Rowena was a baby whom I thought would take away the sadness of postpartum depression. I thought she would be my re-connection to life. I thought she would make me feel complete.
Many months after my daughter, O, was born I was overcome with the desire to have another baby. I got stuck on naming this next child Rowena. In both my head and heart I believed a story that if I just had another baby, if I had Rowena, that I would feel fulfilled.
I did not know that during this time of wild imagination that I was deep in the throws of a perinatal mood and anxiety disorder (PMAD). I did not know why I felt so emotionally raw/sad/heavy/irritable/fatigued/angry/worried/unsure/disconnected/dark/overwhelmed. I just thought I wasn’t good at the whole motherhood thing. I thought I wasn’t as strong as the other moms. I thought that if I was a better mom then I wouldn’t feel so horrible. And I definitely didn’t feel like I was a good enough mother.
All I knew was that I wasn’t myself. All I could say with certainty was, “I don’t know who I am, but this doesn’t feel like me.”
So I began to imagine how life with Rowena would be. I thought it would be a better life. She would provide me with a fresh start, a re-do. A second child presented the opportunity to be a different mom than I was with O, an improved version of myself. Maybe the void in me would be filled by Rowena. I desperately wanted something that would make me feel better, and I honestly thought that the love I could give Rowena, and the love I knew she would give me, would be enough to save me from the heartache of whatever it was that had taken over my being.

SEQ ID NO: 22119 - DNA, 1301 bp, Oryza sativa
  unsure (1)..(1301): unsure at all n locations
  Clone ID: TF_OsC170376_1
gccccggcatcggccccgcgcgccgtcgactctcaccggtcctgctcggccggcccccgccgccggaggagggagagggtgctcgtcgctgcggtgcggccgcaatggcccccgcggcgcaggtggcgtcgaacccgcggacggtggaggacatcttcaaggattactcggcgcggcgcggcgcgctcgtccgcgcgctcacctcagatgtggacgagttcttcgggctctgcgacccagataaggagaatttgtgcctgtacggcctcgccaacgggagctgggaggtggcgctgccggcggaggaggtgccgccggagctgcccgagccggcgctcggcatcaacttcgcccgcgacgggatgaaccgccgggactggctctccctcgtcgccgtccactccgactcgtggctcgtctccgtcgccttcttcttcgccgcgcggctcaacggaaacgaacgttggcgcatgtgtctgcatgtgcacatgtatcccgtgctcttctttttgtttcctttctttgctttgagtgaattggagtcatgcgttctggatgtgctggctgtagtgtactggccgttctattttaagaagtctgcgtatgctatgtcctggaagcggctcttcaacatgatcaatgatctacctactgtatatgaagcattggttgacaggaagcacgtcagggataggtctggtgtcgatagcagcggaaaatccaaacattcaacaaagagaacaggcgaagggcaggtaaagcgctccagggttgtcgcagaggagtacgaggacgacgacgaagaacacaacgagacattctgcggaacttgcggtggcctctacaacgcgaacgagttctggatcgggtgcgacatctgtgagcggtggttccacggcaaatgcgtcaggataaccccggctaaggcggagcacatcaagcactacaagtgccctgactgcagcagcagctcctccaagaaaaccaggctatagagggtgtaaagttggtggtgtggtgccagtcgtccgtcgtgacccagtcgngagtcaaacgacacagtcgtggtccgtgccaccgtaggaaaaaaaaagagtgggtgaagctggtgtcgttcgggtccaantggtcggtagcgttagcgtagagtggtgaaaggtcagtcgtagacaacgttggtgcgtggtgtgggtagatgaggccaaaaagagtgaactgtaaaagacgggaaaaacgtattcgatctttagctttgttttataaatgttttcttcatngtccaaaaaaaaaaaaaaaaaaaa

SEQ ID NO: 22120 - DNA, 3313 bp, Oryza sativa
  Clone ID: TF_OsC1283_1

Yes, I was that far gone with postpartum depression. I really thought another baby would make me happy. Surely a second chance of motherhood would ease the pain in my heart: the pain of not being enough. Another baby would magically fix things, right? I know. Now it seems ridiculous. How could pregnancy, then life with an infant, be a good idea for an exhausted, depressed mother? Even though I was riddled with guilt that I wasn’t a good enough mother, that motherhood made me terribly exhausted, and that I didn’t feel fulfilled with just being a mom, I somehow wanted more of it.
And that, my friends, is what depression did to my brain. It tricked me. It fed me stories. It disconnected me from reality.
I obviously was not thinking clearly. The depression changed my perception of the life I had and made up fantasies about the life I wanted. A clear example of this is the idea that I thought another baby would make me feel more fulfilled, when in reality another baby may have very well left me feeling more depleted. Additionally, I was consuming a very nasty poison that the depression fed me as if its life depended on it: that I was not enough. Between the disconnect from my reality, the harmful thoughts and beliefs, and the physical symptoms of depression, I was…how would you put it? Oh yes. A hot mess.